Fonts turn words into stories with influence.

When we meet someone for the first time, it is said that only 10% of the meaning we perceive is from the words that are spoken. Their tone, their dress, and how they carry themselves leave much more of an impact. Turns out, it is the same way with typography. Fonts are the life within the words we read, the message that we gather that goes without saying.

Fonts help us shop, keep us safe, and make us feel. They give a heads-up to what you will get when you open the package or choose a service. But how?

The Power of Tone

Successful typefacing puts a tone to the text we read. While our eyes look at letters, a typeface will whisper stories to us about the products, companies, or events that we’re reading about. This concert is for kids. A rounded block font might say.  That restaurant is modern. Suggests a thin sans serif font. The dresses there are elegant. Notes a loopy script font.

While they will not actually speak to us, fonts will stir up our emotions and try to tell our brain how to react. While we consciously think about what the words are saying, our unconscious hears the tone of the typeface, and we are… influenced.

The Power of a First Impression

Like the clothes someone wears, first impressions can be instant. Most typefaces have a certain personality or flavor that we can then relate to, and respond to as readers and consumers. This “flavor” can be so strong, even, that our senses and emotions are affected. For instance, studies have shown that people not only find menu items more appetizing but also tastier, when they’re written in a font that compliments the food’s flavor.

Take the Campbell’s soup logo for example. The curved letters suggest that the soup is homemade, smooth, calming, and even cozy. Or the Starburst logo, which glides through your mouth as you read it. The bold, glistening, bulging letters may even make your lips pucker from the flavor implied. Or on the opposite side of the spectrum, in seeing the confident headline of the Wall Street Journal, a reader knows he is stepping into a serious, conservative, financial territory.

O the Tales Fonts Tell Logos in Post 1

The Power of Emotional Weight on Memory

The act of looking at a certain font can involuntarily stir up powerful emotions or instill a sense of nostalgia. For instance, Coca Cola’s typeface has brought many a drinker back to a time when that script style was prevalent, and when the product first wowed its drinkers.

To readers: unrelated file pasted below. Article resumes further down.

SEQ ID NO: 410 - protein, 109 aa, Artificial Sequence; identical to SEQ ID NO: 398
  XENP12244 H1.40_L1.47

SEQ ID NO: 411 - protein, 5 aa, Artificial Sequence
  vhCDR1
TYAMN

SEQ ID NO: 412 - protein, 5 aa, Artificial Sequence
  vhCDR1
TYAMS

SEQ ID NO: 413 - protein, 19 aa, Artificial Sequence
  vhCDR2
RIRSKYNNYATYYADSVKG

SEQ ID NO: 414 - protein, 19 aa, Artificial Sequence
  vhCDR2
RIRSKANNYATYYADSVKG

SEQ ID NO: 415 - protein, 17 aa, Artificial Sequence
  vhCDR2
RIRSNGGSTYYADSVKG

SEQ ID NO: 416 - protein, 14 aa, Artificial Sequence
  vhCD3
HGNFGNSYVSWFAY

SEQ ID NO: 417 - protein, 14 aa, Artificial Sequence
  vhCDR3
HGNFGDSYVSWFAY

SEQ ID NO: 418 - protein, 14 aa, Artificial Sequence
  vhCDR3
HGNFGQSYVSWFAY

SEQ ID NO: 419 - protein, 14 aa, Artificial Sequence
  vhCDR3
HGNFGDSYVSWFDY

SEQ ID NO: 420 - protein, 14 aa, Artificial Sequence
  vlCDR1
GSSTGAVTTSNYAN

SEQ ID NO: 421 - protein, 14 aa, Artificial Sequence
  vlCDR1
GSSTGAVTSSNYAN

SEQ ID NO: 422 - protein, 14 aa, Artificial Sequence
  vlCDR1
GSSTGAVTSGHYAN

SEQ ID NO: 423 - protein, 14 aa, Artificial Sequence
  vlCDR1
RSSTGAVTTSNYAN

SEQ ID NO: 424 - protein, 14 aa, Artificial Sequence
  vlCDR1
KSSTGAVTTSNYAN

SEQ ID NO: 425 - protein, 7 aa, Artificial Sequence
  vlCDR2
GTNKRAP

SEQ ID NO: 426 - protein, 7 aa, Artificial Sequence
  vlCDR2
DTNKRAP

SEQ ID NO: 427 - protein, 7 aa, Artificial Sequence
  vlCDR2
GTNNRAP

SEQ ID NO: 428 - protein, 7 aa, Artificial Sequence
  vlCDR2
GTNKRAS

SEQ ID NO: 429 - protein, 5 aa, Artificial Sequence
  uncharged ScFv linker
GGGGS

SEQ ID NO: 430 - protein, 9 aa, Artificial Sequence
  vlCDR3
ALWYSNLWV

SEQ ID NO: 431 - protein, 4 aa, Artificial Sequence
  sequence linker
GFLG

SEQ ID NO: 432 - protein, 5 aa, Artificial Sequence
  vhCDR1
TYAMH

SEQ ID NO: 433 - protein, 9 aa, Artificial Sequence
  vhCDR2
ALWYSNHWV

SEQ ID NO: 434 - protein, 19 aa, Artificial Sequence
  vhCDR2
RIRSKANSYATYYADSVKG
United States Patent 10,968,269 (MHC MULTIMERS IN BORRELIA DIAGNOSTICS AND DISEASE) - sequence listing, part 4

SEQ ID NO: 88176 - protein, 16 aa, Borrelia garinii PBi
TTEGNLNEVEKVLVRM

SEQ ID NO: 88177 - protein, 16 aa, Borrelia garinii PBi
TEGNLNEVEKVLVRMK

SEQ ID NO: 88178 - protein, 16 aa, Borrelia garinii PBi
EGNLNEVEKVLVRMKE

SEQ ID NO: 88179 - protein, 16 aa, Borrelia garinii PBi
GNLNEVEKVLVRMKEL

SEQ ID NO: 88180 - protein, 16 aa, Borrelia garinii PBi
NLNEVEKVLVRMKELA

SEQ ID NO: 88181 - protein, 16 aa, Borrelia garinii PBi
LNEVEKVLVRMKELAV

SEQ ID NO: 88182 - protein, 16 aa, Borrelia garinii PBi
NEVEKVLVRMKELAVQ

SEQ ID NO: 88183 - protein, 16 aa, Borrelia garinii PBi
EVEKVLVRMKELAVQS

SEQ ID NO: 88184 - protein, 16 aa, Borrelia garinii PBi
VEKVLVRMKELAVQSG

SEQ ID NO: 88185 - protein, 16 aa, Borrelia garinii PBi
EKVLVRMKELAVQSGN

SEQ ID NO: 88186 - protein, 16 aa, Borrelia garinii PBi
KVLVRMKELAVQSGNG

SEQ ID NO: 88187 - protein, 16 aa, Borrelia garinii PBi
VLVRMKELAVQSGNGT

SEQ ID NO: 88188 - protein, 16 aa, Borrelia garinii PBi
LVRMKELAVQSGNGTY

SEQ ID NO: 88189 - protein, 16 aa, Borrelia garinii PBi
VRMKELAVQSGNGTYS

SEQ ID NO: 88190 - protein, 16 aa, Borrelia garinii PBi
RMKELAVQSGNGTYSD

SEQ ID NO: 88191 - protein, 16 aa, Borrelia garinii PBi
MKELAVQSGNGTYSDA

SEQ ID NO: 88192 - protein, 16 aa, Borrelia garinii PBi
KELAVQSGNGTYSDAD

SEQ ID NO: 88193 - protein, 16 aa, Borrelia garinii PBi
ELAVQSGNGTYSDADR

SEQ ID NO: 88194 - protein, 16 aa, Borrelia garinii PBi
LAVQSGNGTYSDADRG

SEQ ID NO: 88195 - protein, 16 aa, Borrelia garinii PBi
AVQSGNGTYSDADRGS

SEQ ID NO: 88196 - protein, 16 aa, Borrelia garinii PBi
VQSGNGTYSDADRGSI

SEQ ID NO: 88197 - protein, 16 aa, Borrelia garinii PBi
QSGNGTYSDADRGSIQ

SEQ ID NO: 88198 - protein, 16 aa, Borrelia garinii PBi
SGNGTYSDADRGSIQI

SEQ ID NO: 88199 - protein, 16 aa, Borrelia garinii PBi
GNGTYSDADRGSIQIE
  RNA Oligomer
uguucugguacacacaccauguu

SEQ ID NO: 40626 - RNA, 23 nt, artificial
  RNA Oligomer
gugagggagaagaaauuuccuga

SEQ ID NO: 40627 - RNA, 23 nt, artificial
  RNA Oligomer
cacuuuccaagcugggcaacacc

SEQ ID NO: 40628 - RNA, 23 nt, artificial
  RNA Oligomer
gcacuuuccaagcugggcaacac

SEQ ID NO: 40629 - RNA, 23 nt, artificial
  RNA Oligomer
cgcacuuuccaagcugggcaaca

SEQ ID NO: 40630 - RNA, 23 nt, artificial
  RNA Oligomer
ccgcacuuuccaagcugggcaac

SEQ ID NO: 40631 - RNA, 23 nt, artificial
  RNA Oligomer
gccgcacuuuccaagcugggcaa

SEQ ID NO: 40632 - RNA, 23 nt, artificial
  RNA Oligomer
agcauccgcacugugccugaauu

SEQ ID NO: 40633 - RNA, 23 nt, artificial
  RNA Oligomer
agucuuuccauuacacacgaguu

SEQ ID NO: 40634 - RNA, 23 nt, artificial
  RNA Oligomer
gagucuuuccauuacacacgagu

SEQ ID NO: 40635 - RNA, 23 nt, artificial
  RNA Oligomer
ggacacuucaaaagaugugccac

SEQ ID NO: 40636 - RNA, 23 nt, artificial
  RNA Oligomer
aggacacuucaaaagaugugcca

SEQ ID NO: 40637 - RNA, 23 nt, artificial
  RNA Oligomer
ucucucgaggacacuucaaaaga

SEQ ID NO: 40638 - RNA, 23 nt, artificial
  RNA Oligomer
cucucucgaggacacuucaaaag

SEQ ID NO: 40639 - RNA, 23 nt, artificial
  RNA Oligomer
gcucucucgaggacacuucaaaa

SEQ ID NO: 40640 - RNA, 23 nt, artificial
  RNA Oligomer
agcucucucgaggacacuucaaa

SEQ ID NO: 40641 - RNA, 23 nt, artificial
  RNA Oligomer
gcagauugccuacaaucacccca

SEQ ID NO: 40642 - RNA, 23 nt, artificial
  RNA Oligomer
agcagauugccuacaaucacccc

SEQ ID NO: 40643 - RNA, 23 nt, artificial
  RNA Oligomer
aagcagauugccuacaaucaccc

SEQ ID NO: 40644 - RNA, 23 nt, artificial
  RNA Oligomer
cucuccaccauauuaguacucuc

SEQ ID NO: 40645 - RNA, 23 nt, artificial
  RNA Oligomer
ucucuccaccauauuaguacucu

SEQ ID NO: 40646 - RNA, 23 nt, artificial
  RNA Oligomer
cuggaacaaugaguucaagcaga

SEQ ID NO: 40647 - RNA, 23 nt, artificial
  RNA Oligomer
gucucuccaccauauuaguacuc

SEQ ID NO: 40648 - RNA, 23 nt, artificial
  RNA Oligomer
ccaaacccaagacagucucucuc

Ask any six-year-old to identify the Disney logo, and they’ll know exactly which business it belongs to. While the logo is instantly recognizable, it is not especially readable. Why does a company like Disney actively market to six-year-olds using such a complicated, hard-to-read script font? The emotional weight that the font carries delivers a subconscious message of whimsy and nostalgia.  This feeling sticks with viewers young and old alike.

O the Tales Fonts Tell Logos in Post 1

Have you ever been influenced by a font?

Though it is easy to love fonts, sometimes they bend the truth. A font can make something cheap and mass-produced look handmade, fresh and of great quality. It can make a new business look longstanding and historical. Or it can give an impersonal corporation a friendly, caring look. It can even give a clothing line a luxurious, exclusive feel.

Next time you’re considering a purchase, read between the text and listen to what the fonts are trying to tell you.

Are Your Fonts on Your Side?

Keep your recipients’ senses in mind when choosing fonts. If you’re marketing a brand of gasoline with a flowery, delicate typeface more suitable for a perfume, it’ll only confuse your audience.

Finally, if you have a business, what are the fonts you are using telling your customers about you? Consider a conversation with one of West Chicago Printing’s design specialists. We would love to help you tell your story with fonts!